National eID systems in the European Union

The European Union launched its cross-border e-ID programme in the early 2010s with the EIDAS Regulation in 2014. However, the deployment of systems under the Regulation has been relatively slow: currently, 15 Member States have eID systems notified for common adoption, 19 in total (by 2020): FAS / eCards (Belgium) , itsme (Belgium), the National Identification and Authentication System (Croatia) , the Czech Republic's national ID, Estonia's eID scheme, the German eID based on extended access control, the SPID scheme (Italy), the Italian eID based on the national eD card,  the Latvian eID system, the Luxembourg eID card, the Trust Framework for Electronic Identification (Netherlands), the Cartão de Cidadão (Portugal) , the national electronic identification system of the Slovak Republic, the Documento Nacional de Identidad electrónico (Spain) and the GOV. UK Verify (UK). In 2020, four EU Member States - Denmark, Lithuania, the Netherlands and Portugal - have announced new electronic identification systems. In addition, Germany has updated its notified system to include an additional eID tool.

Notification consists of three stages: a preliminary notification, followed by a peer review and finally a formal notification. The other Member States then have 12 months to accept users who identify themselves with the newly notified eID system. These systems cover the following key areas:

- access to highly secure and reliable electronic identity solutions,

- trusted and secure digital identity solutions on which public and private services can rely,

- enabling natural and legal persons to use digital identity solutions,

- linking these solutions to different attributes and allowing for targeted sharing of identity data, limited to the extent necessary for the service used,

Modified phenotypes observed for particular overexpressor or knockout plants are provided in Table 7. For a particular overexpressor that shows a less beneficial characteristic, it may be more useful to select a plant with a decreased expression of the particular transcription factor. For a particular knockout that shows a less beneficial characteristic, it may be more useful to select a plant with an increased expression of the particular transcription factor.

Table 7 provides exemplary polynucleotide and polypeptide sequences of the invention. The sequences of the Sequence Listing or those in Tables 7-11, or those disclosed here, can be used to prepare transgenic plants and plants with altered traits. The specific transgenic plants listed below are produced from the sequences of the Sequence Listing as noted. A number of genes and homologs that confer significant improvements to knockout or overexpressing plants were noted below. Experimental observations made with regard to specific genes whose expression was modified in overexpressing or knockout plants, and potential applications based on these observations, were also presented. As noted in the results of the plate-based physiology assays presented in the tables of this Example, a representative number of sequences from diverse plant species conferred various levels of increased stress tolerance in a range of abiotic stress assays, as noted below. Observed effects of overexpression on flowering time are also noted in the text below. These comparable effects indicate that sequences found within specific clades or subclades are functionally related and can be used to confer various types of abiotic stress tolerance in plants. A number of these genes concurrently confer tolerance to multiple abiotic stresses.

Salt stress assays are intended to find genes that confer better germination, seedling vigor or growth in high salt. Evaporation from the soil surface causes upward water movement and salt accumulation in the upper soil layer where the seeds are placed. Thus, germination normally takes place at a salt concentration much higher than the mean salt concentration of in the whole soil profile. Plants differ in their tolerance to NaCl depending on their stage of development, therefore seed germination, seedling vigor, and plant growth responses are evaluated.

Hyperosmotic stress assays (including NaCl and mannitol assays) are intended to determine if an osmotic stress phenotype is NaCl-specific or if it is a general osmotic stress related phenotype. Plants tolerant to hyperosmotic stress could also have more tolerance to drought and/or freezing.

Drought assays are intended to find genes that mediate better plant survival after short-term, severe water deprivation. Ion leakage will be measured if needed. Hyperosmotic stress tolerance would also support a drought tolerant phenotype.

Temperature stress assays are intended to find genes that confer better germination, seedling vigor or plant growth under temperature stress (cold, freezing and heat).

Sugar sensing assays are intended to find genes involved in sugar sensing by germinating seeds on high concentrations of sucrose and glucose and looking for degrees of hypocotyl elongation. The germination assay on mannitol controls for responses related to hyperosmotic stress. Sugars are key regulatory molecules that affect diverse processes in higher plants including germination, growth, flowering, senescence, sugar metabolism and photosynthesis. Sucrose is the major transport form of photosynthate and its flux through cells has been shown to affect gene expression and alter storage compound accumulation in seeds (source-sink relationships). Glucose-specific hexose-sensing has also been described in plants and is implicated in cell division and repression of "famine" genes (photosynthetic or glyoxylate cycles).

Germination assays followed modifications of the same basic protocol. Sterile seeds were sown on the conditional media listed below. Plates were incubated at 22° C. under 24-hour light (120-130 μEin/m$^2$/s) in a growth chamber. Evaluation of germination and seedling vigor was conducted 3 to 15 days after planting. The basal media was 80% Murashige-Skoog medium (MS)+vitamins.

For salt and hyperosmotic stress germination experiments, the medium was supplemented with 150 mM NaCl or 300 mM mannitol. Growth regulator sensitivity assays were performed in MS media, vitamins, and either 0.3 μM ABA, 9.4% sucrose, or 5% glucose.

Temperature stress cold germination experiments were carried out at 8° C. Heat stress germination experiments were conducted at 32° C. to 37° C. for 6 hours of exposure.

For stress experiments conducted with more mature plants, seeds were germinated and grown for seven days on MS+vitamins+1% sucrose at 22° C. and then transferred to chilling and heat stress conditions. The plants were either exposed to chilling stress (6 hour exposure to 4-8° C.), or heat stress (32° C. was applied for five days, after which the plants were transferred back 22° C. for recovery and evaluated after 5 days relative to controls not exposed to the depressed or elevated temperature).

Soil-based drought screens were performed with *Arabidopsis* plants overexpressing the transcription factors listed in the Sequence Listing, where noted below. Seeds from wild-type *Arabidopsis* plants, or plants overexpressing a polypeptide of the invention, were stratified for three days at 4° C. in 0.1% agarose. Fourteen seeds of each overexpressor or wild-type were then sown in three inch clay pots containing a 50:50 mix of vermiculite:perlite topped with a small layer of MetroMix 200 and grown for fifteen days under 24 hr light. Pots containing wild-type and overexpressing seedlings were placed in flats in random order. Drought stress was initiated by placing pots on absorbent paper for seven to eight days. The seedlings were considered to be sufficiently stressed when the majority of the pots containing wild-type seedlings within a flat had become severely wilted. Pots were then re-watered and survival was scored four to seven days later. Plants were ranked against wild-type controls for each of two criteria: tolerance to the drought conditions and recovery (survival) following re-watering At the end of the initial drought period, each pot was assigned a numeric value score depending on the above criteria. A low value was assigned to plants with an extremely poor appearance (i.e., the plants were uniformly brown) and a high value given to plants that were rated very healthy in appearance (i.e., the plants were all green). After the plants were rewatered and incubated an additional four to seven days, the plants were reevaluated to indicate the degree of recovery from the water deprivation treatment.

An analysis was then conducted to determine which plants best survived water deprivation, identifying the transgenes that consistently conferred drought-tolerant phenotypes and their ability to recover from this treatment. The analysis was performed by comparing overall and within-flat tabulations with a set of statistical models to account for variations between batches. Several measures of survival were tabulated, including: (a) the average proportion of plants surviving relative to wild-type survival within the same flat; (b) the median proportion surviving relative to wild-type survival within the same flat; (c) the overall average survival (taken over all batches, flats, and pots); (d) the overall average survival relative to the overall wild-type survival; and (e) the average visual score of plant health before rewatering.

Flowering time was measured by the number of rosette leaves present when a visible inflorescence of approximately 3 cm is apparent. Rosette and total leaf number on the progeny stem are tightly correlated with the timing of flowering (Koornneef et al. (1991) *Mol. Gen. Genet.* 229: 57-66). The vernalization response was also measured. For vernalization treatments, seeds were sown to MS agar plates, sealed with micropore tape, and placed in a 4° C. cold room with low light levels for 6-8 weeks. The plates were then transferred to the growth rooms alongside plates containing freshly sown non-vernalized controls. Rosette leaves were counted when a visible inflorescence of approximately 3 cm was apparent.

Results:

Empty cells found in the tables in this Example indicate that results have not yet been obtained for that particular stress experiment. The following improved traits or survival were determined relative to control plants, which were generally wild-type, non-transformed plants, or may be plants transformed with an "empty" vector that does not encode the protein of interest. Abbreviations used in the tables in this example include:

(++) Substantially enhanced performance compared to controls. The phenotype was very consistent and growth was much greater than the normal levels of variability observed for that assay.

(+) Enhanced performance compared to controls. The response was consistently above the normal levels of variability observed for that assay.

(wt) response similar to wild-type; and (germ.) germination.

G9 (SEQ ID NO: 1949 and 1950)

- the adoption of qualified trust services in the EU and a level playing field for their provision.

Limited availability, fraud risk

 

Client Gateway users will be able to access government services in Hungary using their new type of card format ID card, provided they have a card reader connected to their computer. As with most national digital ID schemes, this type of trusted identification is used for government services, and digital IDs managed by various market service providers are much more vulnerable to fraud, including financial service providers that are generally considered trustworthy. Fraud masquerading as Authorised Push Payment (APP) is growing rapidly at up to 40 percent per year, with losses amounting to billions of dollars per year. According to Thomson Reuters, some major banks and financial institutions spend up to $500 million a year to comply with the most critical requirements for customer identification, Know Your Customer (KYC) and Anti Money Laundering (AML). KYC/AML requirements, which are mandatory for all banks and financial institutions, require them to maintain separate records to prevent money laundering, terrorist activities and identity theft. As regulatory regimes become more complex and rigid, compliance costs and the time required to meet them will continue to increase. The huge costs also highlight some of the inefficiencies in existing KYC processes, such as: